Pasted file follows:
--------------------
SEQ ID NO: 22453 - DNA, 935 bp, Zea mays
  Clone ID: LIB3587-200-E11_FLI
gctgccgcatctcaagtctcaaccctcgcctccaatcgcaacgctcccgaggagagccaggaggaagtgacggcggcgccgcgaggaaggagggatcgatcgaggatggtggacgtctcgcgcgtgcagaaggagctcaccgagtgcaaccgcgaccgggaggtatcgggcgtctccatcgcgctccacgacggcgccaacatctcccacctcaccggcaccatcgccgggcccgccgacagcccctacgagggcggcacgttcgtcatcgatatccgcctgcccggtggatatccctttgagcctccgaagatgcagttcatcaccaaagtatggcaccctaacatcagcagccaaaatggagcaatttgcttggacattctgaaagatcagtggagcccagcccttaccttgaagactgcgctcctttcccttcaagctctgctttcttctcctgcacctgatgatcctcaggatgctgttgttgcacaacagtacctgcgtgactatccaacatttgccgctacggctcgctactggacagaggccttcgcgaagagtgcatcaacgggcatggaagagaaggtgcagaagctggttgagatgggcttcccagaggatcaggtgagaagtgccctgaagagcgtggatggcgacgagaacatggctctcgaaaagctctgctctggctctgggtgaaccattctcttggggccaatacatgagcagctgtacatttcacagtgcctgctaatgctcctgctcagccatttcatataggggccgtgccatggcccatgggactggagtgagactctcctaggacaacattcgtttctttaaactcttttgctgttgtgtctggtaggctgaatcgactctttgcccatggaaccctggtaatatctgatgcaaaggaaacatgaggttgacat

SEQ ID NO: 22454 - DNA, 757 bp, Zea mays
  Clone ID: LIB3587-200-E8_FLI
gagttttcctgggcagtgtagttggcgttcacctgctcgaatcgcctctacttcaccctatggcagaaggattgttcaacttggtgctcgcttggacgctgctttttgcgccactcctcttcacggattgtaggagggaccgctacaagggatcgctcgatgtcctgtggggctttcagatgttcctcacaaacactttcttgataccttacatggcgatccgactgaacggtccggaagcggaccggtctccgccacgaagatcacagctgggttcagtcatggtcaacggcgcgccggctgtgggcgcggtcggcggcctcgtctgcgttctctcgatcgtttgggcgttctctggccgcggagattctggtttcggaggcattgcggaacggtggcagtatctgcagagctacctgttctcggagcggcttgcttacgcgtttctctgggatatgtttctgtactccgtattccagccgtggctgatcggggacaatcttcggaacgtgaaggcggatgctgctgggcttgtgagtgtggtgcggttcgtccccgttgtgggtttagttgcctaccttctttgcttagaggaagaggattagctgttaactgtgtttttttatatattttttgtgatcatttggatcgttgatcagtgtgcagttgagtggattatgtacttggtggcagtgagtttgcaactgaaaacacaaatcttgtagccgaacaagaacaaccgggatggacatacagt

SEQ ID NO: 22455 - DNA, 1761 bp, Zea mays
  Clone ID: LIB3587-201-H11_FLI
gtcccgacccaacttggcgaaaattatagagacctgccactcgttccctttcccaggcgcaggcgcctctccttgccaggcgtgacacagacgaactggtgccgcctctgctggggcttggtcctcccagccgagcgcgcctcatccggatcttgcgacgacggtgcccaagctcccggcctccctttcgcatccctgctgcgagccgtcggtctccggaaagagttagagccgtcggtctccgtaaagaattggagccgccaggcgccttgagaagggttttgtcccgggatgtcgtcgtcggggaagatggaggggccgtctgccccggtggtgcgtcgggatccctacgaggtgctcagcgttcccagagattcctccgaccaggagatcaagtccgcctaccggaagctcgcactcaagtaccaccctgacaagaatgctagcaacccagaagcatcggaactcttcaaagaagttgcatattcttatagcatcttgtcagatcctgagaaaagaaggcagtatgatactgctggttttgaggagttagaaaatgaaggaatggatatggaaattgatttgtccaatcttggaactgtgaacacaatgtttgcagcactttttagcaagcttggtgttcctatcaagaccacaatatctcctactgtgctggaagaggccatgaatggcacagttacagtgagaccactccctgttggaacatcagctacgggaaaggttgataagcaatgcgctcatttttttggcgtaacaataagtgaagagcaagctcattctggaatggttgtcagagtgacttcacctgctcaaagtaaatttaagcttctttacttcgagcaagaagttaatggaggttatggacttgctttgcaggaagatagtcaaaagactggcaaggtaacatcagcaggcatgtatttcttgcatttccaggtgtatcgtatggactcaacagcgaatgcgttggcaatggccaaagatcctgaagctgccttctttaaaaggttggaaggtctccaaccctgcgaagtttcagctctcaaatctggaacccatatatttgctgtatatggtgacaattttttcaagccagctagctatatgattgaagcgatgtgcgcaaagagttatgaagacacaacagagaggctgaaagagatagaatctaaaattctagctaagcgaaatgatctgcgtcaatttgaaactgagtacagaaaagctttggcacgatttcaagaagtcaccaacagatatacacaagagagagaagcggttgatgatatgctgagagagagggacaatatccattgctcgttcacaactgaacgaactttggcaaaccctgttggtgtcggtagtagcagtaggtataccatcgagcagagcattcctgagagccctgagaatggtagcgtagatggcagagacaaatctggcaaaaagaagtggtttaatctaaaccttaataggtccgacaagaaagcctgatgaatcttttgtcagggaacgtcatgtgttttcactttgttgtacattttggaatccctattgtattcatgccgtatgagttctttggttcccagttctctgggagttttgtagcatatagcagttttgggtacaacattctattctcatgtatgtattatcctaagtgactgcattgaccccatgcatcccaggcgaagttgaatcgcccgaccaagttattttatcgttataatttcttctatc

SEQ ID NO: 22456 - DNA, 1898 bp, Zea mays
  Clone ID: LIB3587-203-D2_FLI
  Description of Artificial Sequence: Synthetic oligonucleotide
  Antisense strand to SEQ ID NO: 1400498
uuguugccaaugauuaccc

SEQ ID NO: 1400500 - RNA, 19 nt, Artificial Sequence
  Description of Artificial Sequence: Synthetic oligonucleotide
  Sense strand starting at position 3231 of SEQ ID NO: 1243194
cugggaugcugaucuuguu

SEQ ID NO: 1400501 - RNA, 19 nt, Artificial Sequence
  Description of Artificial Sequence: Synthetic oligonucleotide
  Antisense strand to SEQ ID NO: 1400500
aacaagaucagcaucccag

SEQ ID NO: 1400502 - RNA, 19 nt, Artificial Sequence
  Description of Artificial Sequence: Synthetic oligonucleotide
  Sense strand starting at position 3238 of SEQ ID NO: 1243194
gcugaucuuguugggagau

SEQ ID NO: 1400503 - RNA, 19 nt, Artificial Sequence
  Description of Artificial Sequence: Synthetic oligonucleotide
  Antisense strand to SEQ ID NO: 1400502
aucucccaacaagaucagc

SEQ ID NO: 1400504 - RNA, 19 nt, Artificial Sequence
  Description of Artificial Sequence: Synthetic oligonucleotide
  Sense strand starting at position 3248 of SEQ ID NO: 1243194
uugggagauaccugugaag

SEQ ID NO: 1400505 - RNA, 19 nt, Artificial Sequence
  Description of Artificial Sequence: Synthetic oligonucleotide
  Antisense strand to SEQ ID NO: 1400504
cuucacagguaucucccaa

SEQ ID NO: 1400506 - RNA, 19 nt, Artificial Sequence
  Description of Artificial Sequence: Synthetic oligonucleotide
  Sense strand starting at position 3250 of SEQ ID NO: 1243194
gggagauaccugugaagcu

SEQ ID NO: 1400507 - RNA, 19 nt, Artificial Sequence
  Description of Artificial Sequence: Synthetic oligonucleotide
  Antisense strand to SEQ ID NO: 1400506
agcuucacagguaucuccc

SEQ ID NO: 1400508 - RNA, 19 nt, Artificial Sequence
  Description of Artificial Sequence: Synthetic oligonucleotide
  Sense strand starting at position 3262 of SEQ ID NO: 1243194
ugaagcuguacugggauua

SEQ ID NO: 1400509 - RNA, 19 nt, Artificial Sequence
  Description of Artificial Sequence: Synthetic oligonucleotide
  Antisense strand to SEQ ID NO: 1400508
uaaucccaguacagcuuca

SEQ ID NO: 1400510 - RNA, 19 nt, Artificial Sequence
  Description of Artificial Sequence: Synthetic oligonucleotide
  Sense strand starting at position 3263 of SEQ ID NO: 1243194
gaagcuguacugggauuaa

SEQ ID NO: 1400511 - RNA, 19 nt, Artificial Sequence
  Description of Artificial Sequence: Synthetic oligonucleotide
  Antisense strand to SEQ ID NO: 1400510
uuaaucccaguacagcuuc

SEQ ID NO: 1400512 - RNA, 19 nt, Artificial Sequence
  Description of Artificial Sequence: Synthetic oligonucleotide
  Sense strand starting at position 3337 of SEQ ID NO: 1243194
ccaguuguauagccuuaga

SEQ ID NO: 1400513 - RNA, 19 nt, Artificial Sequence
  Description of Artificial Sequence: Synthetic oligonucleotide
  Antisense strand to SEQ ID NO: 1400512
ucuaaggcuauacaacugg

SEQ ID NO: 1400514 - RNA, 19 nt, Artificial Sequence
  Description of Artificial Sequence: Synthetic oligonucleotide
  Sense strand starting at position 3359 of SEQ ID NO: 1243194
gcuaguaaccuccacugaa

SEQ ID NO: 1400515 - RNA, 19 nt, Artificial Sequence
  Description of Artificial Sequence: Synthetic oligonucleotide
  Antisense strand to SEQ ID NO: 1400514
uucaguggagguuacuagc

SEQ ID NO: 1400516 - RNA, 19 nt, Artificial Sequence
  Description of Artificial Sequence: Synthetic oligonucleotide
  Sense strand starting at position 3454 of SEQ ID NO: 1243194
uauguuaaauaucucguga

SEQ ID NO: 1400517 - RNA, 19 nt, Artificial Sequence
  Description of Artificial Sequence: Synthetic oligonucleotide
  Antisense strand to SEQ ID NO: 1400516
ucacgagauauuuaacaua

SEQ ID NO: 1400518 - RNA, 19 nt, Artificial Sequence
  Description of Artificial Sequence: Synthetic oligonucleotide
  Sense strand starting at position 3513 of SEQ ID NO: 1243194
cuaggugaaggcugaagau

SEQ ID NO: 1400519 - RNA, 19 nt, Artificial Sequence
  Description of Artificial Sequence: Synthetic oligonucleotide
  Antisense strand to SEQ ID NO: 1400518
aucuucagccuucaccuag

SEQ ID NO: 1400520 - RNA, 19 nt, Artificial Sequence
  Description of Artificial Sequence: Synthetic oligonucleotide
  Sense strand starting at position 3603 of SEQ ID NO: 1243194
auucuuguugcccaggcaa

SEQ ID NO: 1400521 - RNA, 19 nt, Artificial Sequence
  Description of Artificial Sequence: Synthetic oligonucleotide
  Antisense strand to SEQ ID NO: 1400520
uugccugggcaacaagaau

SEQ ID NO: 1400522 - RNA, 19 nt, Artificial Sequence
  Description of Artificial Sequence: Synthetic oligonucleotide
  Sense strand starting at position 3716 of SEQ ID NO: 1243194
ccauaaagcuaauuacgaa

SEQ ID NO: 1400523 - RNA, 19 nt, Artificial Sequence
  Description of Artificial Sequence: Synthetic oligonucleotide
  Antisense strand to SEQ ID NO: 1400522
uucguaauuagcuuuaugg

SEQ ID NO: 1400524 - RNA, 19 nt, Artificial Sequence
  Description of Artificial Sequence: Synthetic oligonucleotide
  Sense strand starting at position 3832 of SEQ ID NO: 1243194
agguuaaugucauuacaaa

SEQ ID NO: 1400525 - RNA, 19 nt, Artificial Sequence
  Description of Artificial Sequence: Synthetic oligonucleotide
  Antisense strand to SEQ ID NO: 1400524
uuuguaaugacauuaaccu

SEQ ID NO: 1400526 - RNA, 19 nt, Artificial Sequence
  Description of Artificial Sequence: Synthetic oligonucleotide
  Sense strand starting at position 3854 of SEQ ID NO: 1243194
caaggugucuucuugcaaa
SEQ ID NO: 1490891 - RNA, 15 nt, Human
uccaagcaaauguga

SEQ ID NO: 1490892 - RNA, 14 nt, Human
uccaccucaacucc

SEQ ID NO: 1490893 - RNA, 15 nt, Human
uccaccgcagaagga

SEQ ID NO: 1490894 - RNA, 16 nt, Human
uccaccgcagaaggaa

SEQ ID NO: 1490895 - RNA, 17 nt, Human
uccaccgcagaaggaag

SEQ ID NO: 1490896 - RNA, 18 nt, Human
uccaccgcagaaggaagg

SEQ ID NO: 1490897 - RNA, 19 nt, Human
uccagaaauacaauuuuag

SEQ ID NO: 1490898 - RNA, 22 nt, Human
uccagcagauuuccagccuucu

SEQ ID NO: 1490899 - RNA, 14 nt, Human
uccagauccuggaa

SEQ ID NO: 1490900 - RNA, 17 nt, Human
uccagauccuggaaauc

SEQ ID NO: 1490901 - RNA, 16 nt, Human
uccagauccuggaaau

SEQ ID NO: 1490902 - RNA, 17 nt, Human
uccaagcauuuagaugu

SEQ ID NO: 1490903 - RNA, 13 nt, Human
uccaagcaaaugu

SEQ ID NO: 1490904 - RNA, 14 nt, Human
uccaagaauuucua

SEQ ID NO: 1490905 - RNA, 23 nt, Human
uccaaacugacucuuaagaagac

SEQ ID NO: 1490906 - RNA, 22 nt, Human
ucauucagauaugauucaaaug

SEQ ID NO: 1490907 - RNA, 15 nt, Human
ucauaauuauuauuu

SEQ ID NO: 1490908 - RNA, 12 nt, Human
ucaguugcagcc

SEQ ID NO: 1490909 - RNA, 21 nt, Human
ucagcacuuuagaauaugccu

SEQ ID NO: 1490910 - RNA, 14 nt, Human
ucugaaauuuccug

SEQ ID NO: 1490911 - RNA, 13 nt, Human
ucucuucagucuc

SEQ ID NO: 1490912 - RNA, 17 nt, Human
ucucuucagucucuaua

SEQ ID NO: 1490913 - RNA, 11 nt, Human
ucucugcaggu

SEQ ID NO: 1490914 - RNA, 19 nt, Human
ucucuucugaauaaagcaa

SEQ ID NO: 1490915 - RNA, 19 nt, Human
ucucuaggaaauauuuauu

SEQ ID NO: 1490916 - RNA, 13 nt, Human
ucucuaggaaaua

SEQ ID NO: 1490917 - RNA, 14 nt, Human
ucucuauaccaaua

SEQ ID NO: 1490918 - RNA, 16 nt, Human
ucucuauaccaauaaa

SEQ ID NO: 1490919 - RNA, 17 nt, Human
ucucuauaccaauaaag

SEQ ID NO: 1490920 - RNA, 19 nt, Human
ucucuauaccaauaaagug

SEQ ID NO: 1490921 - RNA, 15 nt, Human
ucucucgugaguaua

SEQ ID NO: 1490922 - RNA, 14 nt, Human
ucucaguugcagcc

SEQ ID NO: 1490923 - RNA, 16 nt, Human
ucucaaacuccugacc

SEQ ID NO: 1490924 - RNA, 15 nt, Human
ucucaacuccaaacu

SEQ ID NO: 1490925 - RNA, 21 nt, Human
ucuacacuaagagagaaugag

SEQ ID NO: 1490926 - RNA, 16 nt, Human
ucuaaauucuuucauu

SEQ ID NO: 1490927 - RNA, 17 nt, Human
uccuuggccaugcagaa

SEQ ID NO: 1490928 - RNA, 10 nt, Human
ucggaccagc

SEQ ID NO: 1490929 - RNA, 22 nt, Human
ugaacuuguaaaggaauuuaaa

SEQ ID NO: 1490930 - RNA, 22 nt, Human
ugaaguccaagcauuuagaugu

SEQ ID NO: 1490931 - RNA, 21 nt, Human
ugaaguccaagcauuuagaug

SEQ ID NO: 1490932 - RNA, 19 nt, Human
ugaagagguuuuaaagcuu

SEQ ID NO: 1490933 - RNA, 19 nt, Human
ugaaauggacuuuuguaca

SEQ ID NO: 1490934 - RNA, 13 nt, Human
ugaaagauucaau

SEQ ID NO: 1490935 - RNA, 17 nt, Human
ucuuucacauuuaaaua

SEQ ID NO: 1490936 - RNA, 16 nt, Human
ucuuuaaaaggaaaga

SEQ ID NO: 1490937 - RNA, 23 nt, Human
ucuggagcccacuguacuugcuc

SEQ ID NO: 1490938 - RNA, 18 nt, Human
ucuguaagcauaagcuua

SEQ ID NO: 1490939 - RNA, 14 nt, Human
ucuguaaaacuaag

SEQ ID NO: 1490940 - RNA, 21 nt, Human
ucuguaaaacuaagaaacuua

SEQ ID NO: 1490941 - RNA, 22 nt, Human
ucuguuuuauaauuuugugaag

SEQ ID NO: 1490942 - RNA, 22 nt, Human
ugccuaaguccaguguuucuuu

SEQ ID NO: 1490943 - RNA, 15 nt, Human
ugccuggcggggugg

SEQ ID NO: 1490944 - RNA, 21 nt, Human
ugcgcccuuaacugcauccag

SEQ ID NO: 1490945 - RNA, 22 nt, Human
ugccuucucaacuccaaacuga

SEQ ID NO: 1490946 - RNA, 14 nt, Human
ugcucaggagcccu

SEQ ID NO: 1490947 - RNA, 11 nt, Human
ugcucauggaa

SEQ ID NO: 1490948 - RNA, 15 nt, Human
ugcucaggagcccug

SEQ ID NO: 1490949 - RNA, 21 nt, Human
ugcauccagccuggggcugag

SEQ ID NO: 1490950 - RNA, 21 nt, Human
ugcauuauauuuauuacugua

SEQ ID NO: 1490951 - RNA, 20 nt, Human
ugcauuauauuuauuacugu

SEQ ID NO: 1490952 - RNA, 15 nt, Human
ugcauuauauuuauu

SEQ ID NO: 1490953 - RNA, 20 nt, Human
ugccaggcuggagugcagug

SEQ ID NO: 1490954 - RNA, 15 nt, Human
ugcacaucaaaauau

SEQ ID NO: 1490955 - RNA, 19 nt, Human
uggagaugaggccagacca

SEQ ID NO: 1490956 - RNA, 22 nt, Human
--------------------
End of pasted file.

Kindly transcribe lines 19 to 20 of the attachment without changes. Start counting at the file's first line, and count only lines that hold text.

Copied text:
SEQ ID NO: 1400501 - RNA, 19 nt, Artificial Sequence
  Description of Artificial Sequence: Synthetic oligonucleotide